Learn more about vertebrate paleontology (fossil bones), invertebrate paleontology (fossil animals lacking bones), paleobotany (fossil plants), and palynology (fossil pollen) with our Florida Museum scientists. Our extensive collections focus on the Cenozoic Era (last 65 million years) in Florida, the Southeast US, and some Caribbean region.

Latest Paleontology News at the Florida Museum

Research Highlights

Titanoboa

Titanoboa vertebrae
Florida Museum vertebrate paleontologist Jonathan Bloch shows the size difference between vertebrae belonging to Titanoboa cerrejonensis and a modern-day anaconda.

Florida Museum scientists and students played a critical role in the discovery of the largest snake the world has ever known–as long as a school bus and as heavy as a small car–-which ruled tropical ecosystems only 6 million years after the demise of the fearsome Tyrannosaurus rex.

Partial skeletons of the giant, boa constrictor-like snake, named Titanoboa cerrejonensis, were found in Colombia by an international team of scientists including Florida Museum vertebrate paleontologist Jonathan Bloch and are now housed at the Florida Museum of Natural History. Based on the diameter of the fossilized vertebrae, the snake is estimated to be 42 to 45 feet long.  Besides tipping the scales at an estimated 1.25 tons, the snake lived during the Paleocene Epoch, a 10-million-year period immediately following the extinction of the dinosaurs 65 million years ago.

During the expedition, the scientists found many skeletons of giant turtles and extinct primitive crocodile relatives that likely were eaten by the snake. The snake’s gigantic dimensions are a sign that temperatures along the equator were once much hotter.  Based on the snake’s size, the team was able to calculate the mean annual temperature at equatorial South America 60 million years ago was about 91 degrees Fahrenheit, about 10 degrees warmer than today.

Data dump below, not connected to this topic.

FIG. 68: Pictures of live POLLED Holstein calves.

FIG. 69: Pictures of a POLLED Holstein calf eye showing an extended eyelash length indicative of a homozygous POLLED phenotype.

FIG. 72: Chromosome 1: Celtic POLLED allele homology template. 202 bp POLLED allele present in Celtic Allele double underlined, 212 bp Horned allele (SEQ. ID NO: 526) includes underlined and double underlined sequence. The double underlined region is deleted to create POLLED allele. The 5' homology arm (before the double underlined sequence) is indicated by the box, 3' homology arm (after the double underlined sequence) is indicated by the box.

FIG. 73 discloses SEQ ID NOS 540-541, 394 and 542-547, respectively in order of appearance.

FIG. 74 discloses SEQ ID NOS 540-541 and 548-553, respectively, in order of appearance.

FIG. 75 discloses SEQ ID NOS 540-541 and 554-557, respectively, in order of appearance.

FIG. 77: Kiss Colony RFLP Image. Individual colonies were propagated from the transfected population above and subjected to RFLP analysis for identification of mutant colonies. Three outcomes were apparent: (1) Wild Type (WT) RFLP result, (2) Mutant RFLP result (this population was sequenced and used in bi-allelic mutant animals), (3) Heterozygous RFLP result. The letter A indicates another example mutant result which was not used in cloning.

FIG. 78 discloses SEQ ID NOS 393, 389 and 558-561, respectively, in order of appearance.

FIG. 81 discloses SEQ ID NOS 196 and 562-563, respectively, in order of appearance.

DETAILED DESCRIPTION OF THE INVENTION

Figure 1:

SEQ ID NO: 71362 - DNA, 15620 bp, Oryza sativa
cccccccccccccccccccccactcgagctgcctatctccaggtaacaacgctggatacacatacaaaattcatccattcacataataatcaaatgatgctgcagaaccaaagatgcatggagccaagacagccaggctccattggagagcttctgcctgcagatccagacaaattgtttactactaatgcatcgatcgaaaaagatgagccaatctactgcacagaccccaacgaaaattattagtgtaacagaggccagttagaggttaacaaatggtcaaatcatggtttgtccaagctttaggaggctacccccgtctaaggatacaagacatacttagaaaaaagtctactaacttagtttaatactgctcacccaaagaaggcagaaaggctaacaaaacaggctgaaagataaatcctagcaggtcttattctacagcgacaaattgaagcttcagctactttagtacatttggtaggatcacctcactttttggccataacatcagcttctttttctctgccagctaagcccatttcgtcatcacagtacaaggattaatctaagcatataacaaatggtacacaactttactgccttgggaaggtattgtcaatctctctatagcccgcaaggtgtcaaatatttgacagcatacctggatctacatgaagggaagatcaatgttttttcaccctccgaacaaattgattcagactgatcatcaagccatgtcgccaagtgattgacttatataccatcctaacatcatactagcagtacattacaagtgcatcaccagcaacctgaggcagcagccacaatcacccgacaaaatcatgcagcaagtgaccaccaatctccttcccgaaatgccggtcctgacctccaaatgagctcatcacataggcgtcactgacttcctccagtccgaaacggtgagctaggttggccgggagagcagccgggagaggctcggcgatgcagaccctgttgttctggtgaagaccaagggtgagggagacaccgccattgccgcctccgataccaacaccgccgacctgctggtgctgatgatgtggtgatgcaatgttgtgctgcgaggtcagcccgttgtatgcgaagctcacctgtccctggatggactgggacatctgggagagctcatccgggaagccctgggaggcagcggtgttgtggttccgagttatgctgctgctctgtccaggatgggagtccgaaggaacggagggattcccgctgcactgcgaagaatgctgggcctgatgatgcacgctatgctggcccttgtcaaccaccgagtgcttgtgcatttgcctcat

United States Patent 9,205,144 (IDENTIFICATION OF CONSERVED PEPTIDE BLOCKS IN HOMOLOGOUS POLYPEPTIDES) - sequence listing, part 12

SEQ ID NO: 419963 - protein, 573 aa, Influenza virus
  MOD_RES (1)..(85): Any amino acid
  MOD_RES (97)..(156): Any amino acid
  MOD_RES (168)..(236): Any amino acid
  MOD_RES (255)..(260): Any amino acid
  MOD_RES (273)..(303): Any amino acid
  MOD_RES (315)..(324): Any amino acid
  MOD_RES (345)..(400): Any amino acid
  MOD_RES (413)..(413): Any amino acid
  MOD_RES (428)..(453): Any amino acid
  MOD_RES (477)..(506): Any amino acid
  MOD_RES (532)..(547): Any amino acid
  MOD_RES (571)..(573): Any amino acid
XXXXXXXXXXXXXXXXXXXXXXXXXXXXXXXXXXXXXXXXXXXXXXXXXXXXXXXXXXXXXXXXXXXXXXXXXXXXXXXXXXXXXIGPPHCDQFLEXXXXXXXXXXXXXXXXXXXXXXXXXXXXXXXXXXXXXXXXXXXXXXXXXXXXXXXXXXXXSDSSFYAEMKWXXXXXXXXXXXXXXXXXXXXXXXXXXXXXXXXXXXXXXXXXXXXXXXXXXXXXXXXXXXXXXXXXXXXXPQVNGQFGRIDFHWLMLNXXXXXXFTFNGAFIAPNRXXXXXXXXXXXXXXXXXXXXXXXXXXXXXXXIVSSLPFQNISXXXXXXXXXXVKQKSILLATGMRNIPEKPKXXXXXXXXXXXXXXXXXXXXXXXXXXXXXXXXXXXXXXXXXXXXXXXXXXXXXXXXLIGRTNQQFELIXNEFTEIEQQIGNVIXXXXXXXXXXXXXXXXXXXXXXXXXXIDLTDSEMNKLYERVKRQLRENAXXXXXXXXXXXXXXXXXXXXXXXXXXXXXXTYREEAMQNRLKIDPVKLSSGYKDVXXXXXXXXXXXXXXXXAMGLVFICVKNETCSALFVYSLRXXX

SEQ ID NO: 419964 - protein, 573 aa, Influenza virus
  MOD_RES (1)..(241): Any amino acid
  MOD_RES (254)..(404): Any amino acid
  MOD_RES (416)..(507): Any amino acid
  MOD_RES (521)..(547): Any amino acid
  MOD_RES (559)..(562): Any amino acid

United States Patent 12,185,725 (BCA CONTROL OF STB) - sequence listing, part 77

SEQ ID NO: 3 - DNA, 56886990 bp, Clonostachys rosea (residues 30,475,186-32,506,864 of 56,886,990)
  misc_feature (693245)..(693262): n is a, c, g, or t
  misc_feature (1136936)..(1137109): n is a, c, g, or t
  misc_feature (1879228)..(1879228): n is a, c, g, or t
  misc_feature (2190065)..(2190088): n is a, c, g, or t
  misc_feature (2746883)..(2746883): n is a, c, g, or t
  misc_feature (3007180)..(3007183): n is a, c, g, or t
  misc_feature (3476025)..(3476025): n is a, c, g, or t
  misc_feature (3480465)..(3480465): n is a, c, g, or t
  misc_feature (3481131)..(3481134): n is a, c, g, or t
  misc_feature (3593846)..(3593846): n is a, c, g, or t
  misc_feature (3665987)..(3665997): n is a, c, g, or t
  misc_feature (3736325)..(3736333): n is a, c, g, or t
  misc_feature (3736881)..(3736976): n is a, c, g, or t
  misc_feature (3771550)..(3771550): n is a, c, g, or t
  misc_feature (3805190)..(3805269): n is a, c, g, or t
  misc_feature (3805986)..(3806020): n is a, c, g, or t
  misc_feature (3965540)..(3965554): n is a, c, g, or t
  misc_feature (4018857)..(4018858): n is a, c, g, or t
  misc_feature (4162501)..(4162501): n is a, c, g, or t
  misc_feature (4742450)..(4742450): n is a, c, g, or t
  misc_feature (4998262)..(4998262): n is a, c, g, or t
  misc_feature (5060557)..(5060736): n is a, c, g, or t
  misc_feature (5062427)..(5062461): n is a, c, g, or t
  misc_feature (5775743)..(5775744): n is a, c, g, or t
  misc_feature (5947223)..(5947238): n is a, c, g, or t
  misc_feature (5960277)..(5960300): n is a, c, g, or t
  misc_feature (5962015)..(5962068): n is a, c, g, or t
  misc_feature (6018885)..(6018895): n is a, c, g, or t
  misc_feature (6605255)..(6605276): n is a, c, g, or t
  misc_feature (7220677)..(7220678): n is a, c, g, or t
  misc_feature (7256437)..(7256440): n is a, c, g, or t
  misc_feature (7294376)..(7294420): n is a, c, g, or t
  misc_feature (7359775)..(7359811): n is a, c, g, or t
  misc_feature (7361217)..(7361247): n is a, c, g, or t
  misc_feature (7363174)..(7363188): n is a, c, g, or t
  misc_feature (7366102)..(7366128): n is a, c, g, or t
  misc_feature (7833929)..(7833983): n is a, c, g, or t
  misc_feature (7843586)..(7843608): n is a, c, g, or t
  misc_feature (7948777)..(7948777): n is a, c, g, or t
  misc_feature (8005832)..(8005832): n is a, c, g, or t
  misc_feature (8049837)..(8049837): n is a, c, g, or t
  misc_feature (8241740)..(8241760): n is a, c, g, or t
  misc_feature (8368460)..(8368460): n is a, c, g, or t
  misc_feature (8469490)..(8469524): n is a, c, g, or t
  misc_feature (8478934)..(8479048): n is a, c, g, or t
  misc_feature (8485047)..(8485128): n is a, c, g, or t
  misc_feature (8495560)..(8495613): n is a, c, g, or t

The discovery of Titanoboa resulted in a collaboration between the Florida Museum, Smithsonian Institution and Smithsonian Tropical Research Institute, and University of Nebraska to create a feature-length documentary film, Titanoboa: Monster Snake which premiered on the Smithsonian Channel April 1, 2012.  An exhibit of the same title opened at the National Museum of Natural History in Washington D.C. on March 30 and will travel to other national and international venues.

Panama Canal Project – PIRE

The Panama Canal is currently being expanded on a scale not seen since the original excavations one hundred years ago. During this current expansion, important new Neogene fossiliferous deposits are being uncovered. The mission of the PCP PIRE is toadvance knowledge of the extinct faunas and floras of the ancient Neotropics based on the new fossil discoveries along the Canal. Consistent with NSF’s PIRE program objectives, university students (undergraduate and graduate), postdocs, and faculty are engaging in PCP paleontological, geological, and biological research and Broader Impacts outreach. The ultimate outcome of the PCP PIRE will be to promote discovery and advance knowledge while training the next generation of scientists better able to engage in international experiences.

Vertebrate Evolution

Recent research at the Florida Museum sheds new light on the origins of primates. Assistant Curator of Vertebrate Paleontology Jonathan Bloch led a team of scientists in discovering two 56-million-year-old fossils in Wyoming, the most primitive primate skeletons ever described. After exhaustive study of the fossils, Bloch and his colleagues presented strong evidence that this archaic group of mammals called plesiadapiforms may be more closely related to modern primates than to any other mammal group, and the ancestors of modern primates. This research extends the primate family tree 10 million years back in time. By researching the earliest stages of primate evolution, Bloch and his colleagues can more effectively trace the multitude of anatomical changes that have taken place in the numerous lineages of primates.